Facebook puts fewer humans in charge of Trending Topics. Will it reduce bias?
Facebook will rely more heavily on algorithms, rather than humans, to choose trending news topics. Will that eliminate bias?
After facing allegations of political bias in its Trending Topics feature earlier this year, Facebook announced Friday that the feature will become more automated than ever.
Facebook says that by using algorithms instead of human judgment, it can both eliminate any possibility of political bias and reach more people worldwide.
“Facebook is a platform for all ideas,” writes the company in a blog post, “and we’re committed to maintaining Trending as a way for people to access a breadth of ideas and commentary about a variety of topics.”
According to a Pew Research Center study released earlier this year, 62 percent of US adults get news from social media platforms, up from 49 percent in 2012. And 2 in 3 Facebook users (66 percent) report getting news from the site.
As social media companies enjoy more and more influence over what news their users consume, scrutiny of the platforms has increased. Recently, former Facebook employees claimed that Facebook’s Trending Topics section featured a pro-liberal political bias.
According to a report published in May by tech news site Gizmodo, Facebook’s Trending Topics section featured articles from a small number of publications, including the New York Times and the BBC. There were also questions about whether or not Facebook’s news curators, a "relatively homogenous group of young journalists, primarily educated at Ivy League or private East Coast universities,” were choosing articles that conformed to a political bias.
Facebook’s decision to rely on a news sorting algorithm, which incorporates trending news topics (#Clinton or #Trump, for example) in addition to Facebook users' personal interests, is intended to alleviate concerns that Facebook’s now infamous “news curators” will influence the news items displayed on the site.
While humans will still be involved in the curation process, preventing frivolous topics (ie. #lunch at lunchtime) from becoming part of users’ news feeds, they will play a much smaller role.
In the past, human news curators wrote descriptions of trending news topics, but no longer. Facebook says that eliminating this step enables Trending Topics to be a global feature – the challenge of writing descriptions in multiple languages made it nearly impossible to accomplish with human curators.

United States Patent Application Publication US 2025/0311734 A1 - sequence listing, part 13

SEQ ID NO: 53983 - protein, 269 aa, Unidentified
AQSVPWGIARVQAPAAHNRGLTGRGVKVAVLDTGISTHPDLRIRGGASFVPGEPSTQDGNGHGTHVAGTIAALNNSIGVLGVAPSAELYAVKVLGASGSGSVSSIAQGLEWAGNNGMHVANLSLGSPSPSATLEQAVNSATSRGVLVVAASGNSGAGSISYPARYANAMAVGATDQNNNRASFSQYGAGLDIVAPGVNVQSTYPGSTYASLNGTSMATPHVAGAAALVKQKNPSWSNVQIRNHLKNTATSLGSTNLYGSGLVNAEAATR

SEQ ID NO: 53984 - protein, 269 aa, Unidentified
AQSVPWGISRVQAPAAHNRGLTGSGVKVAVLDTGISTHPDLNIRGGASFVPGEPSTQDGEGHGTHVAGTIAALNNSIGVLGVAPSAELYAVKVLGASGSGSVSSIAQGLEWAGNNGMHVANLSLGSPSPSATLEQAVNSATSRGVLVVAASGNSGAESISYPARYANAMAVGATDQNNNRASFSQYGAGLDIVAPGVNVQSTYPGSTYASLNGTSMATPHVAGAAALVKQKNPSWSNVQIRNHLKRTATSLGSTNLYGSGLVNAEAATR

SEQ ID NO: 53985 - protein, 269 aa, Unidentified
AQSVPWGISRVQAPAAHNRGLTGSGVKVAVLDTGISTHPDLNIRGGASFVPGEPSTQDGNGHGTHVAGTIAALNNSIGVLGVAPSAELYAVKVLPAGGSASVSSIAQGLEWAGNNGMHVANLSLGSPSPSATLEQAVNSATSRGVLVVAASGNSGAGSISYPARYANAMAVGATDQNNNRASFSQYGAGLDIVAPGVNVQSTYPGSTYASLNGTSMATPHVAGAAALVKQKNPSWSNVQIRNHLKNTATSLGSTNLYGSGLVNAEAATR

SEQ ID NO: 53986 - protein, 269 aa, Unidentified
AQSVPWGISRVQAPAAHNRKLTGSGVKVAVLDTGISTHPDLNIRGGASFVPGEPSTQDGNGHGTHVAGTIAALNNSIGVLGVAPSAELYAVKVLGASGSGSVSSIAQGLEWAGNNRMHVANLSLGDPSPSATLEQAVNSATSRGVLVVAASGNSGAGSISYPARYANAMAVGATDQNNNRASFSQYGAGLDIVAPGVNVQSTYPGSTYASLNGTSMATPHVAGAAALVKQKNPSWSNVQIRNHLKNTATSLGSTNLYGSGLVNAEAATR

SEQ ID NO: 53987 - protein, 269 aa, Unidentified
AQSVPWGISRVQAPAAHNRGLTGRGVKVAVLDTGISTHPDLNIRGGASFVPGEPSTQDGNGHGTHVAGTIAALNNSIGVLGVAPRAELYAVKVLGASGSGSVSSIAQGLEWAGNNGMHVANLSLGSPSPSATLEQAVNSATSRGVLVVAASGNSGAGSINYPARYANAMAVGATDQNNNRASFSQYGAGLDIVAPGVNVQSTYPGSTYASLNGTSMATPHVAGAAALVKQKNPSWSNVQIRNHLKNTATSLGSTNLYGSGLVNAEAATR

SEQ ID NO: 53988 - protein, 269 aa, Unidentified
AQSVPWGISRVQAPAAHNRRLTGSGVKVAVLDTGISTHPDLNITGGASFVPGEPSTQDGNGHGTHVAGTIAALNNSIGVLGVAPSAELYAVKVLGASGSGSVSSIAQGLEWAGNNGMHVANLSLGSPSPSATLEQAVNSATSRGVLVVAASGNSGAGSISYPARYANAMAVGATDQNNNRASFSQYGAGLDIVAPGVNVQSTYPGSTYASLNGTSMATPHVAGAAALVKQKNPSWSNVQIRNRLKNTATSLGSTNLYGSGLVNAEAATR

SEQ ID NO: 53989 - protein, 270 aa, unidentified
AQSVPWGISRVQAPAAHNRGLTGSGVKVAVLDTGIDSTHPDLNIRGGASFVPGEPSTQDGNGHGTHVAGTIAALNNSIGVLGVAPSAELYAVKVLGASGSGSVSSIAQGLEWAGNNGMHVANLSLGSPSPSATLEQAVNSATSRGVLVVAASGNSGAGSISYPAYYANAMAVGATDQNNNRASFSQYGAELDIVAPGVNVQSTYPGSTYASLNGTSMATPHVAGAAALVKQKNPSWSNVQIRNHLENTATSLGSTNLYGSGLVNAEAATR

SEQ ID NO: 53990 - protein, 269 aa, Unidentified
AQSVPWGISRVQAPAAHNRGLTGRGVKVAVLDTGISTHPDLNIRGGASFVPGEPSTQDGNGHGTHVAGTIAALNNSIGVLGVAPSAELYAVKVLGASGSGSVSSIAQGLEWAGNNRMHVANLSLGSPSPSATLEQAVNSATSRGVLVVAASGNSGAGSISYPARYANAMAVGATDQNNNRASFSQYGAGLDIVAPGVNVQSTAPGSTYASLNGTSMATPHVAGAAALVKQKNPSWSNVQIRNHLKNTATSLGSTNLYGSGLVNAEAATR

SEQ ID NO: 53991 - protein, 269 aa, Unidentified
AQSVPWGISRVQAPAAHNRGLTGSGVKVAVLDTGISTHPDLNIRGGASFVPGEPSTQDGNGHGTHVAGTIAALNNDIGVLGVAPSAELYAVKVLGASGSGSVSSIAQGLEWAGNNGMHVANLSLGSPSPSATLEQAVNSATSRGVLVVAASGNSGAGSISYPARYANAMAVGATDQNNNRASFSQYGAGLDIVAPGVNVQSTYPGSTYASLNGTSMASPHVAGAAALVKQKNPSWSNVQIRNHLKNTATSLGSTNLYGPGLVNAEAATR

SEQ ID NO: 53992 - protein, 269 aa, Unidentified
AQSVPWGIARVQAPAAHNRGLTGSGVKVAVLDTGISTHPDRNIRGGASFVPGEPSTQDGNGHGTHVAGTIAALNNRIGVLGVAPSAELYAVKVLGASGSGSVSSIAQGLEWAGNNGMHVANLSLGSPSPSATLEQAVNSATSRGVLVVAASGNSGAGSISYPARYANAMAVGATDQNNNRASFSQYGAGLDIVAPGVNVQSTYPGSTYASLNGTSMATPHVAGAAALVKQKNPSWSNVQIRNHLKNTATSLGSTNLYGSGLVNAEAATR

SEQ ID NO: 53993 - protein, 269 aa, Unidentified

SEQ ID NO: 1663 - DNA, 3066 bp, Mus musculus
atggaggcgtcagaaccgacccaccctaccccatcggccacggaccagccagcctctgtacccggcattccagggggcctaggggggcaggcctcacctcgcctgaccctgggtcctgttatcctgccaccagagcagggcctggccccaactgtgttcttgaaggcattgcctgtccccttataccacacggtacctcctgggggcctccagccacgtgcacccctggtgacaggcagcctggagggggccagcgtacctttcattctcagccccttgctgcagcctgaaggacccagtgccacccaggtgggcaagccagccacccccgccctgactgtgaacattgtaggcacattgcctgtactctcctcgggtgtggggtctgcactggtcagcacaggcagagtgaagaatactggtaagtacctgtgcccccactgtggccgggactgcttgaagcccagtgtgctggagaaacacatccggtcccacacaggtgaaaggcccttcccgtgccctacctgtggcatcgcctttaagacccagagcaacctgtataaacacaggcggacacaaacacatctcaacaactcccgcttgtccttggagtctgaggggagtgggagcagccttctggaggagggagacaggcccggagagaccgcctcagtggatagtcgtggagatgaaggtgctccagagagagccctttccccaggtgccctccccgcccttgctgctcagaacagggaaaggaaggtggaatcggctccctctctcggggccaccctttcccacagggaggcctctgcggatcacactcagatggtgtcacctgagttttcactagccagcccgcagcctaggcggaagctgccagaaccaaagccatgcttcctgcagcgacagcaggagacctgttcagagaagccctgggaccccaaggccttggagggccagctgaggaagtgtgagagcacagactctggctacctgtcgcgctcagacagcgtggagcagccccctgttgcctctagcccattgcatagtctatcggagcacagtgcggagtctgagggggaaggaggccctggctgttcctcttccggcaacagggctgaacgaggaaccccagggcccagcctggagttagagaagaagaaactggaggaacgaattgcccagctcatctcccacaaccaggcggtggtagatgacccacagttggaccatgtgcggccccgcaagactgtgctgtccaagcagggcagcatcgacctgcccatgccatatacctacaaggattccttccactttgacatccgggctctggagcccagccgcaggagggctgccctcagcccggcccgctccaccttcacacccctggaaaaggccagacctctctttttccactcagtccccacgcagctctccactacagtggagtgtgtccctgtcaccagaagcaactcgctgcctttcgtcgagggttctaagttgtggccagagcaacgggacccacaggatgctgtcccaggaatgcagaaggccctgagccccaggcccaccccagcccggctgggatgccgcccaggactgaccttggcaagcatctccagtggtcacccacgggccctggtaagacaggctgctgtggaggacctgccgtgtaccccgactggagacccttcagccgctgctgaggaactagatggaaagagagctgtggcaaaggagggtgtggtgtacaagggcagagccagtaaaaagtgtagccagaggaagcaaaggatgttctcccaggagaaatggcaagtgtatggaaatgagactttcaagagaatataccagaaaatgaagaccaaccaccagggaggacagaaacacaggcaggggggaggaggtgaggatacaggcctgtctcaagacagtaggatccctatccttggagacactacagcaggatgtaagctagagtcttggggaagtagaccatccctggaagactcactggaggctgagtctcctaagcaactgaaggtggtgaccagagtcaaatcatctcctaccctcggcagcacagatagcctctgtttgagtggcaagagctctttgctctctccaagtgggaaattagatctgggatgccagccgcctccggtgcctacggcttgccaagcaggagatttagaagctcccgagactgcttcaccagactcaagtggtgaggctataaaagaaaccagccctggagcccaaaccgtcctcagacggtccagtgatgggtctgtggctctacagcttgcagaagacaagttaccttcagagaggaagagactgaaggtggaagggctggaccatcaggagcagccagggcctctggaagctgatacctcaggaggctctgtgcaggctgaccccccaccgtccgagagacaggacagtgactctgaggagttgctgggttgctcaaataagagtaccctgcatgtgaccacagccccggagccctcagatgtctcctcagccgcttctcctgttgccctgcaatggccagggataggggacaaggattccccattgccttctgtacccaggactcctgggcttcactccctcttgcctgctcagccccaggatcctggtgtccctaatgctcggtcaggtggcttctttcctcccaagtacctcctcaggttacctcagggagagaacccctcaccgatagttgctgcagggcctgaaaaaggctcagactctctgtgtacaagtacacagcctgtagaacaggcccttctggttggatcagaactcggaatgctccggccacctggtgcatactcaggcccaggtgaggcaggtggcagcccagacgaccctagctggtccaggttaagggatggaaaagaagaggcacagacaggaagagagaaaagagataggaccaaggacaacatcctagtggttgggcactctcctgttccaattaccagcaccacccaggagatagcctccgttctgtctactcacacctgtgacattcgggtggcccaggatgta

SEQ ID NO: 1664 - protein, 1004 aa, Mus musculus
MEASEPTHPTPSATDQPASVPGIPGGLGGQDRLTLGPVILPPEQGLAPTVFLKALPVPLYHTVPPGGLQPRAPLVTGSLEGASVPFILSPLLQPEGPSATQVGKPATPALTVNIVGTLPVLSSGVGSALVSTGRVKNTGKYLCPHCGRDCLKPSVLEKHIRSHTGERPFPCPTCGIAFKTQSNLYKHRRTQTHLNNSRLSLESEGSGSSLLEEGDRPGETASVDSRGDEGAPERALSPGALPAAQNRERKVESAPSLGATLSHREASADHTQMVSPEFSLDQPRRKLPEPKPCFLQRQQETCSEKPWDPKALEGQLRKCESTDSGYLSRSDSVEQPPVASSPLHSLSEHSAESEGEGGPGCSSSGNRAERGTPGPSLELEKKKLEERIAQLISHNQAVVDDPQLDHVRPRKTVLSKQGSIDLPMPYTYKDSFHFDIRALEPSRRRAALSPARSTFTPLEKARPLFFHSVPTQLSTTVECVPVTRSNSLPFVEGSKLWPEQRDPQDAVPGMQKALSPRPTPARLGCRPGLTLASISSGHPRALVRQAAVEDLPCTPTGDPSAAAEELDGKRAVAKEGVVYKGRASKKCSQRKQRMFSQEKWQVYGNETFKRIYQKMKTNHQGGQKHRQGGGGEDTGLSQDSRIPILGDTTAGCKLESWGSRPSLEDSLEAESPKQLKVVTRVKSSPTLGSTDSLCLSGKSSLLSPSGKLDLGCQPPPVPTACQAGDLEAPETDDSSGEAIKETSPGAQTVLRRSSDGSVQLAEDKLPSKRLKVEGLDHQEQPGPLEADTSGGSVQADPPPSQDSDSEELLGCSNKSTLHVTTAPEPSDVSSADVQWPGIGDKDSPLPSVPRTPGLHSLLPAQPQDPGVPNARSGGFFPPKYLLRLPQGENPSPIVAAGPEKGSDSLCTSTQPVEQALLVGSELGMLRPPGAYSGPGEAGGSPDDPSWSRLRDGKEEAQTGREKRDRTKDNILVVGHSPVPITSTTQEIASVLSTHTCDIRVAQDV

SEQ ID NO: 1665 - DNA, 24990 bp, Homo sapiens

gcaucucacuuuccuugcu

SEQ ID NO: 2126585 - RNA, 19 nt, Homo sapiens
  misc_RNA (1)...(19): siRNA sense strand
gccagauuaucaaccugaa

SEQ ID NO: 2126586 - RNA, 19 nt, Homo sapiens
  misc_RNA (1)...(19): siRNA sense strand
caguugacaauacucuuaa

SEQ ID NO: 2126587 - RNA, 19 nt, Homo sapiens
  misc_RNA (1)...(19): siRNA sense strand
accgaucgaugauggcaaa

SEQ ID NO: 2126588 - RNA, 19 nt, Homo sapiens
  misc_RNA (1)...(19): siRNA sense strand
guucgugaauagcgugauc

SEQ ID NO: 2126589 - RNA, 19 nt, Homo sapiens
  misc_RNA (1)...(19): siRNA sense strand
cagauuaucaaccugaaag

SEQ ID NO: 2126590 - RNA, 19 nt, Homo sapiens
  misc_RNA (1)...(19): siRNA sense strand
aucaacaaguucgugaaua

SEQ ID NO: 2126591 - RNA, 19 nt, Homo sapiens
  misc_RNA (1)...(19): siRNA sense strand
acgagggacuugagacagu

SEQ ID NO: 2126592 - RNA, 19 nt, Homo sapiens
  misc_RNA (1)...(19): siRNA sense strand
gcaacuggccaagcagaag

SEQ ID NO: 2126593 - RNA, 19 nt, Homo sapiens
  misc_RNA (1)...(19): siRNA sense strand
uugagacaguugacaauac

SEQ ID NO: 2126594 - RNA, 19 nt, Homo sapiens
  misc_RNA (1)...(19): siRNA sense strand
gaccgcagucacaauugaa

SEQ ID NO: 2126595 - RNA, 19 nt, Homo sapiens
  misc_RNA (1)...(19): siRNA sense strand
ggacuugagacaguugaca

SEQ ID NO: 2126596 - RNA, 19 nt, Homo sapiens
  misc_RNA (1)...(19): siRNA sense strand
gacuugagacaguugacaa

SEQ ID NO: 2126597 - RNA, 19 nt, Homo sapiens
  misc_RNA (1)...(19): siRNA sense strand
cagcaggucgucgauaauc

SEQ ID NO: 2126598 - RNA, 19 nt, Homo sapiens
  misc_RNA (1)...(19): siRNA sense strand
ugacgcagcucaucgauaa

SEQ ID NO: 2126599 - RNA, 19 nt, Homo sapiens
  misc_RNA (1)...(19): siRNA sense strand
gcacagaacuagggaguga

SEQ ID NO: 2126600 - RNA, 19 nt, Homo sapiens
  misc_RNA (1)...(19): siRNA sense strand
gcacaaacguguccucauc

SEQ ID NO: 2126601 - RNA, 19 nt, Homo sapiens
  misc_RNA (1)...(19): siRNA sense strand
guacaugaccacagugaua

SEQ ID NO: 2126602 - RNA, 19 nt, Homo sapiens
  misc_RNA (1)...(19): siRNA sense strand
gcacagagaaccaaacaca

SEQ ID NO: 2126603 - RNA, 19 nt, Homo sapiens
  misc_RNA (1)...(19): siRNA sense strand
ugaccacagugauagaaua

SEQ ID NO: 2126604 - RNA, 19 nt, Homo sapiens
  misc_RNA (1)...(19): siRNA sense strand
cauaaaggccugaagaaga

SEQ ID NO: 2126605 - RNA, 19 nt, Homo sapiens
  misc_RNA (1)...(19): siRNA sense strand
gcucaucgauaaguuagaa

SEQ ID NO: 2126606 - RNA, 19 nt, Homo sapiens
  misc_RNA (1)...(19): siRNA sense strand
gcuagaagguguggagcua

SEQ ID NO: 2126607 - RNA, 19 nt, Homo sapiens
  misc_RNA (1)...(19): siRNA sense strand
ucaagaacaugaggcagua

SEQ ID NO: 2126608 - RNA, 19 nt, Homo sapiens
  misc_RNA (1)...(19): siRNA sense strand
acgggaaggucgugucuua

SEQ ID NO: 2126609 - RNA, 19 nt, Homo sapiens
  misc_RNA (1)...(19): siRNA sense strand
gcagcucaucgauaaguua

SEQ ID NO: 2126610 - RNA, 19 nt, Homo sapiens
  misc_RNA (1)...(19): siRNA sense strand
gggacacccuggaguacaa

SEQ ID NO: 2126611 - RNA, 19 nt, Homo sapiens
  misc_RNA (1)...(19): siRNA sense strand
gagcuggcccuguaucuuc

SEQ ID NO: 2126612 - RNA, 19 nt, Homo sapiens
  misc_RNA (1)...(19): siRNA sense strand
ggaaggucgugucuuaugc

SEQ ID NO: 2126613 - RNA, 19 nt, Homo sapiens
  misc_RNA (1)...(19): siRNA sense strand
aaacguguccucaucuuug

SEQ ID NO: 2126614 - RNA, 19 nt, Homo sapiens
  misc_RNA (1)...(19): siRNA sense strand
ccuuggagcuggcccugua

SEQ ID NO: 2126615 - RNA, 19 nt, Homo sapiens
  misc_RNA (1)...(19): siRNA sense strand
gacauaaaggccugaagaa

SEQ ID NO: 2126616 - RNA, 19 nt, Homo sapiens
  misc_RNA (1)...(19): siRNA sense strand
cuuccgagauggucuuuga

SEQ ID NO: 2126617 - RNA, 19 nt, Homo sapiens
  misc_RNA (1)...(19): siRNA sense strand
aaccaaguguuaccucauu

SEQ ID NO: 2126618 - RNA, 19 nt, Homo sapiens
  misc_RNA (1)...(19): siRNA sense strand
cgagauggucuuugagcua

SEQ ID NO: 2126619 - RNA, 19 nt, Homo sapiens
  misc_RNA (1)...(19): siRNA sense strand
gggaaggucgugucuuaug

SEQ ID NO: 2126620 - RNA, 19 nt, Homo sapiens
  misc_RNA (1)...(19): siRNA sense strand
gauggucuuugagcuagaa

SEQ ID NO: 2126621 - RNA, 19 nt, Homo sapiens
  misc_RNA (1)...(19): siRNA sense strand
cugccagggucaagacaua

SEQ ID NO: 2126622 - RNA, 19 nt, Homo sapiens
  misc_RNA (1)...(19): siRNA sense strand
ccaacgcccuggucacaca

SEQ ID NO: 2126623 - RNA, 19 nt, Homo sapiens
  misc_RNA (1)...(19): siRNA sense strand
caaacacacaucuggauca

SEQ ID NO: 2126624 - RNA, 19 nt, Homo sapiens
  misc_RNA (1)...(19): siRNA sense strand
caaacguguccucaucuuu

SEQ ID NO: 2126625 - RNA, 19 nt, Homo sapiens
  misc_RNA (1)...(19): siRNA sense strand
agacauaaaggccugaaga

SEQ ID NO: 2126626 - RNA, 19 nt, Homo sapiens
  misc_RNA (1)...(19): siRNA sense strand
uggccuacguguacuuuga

Instead, users will simply see trending hashtags or terms, along with the number of people talking about them on Facebook. Clicking on the trending term will link to a page showing a number of news articles about that topic.
The trending topics section was introduced in 2014 to help users connect to news that was relevant to them, according to Facebook’s blog announcement of the changes. In order to ensure relevance, the Facebook news algorithm used information from users' profiles – pages the user likes, previous stories they have read, and their location – to shape their Trending Topics feed.
But does Facebook’s decision to automate Trending Topics eliminate bias?
Earlier this summer, Harvard law professor Cass Sunstein penned an opinion piece for Bloomberg, expressing concern about bias in the news that so many Americans consume each day.
Facebook’s potential political bias had been in the news, but Professor Sunstein’s concern had different roots. While reading articles curated by humans with an alleged political bias is obviously disconcerting, he says that Facebook’s algorithm has a natural bias built in.
By using user information, such as prior article views or liked pages, to shape Trending Topics feeds, Sunstein argues that Facebook’s news algorithm exposes users primarily to news topics or ideas that they likely already agree with.
Facebook does this to increase the likelihood that a user will be interested in or read an article. But what it really does, Sunstein says, is reinforce individual views.
“If a major source of the nation’s news is personalizing user experiences, people with different points of view will end up in echo chambers of their own design,” Sunstein writes. “Facebook didn’t create that problem, but it shouldn’t aggravate it.”
Some may ask why users should be shown articles that they aren’t interested in. According to Sunstein, there is value in “immense and unanticipated exposures” to different ideas.
In short, the problem of bias could persist even after Facebook's transition to automated Trending Topics feeds. Facebook continues to refute this concern, with Facebook CEO Mark Zuckerberg saying at a company meeting, "We've built Facebook to be a platform for all ideas."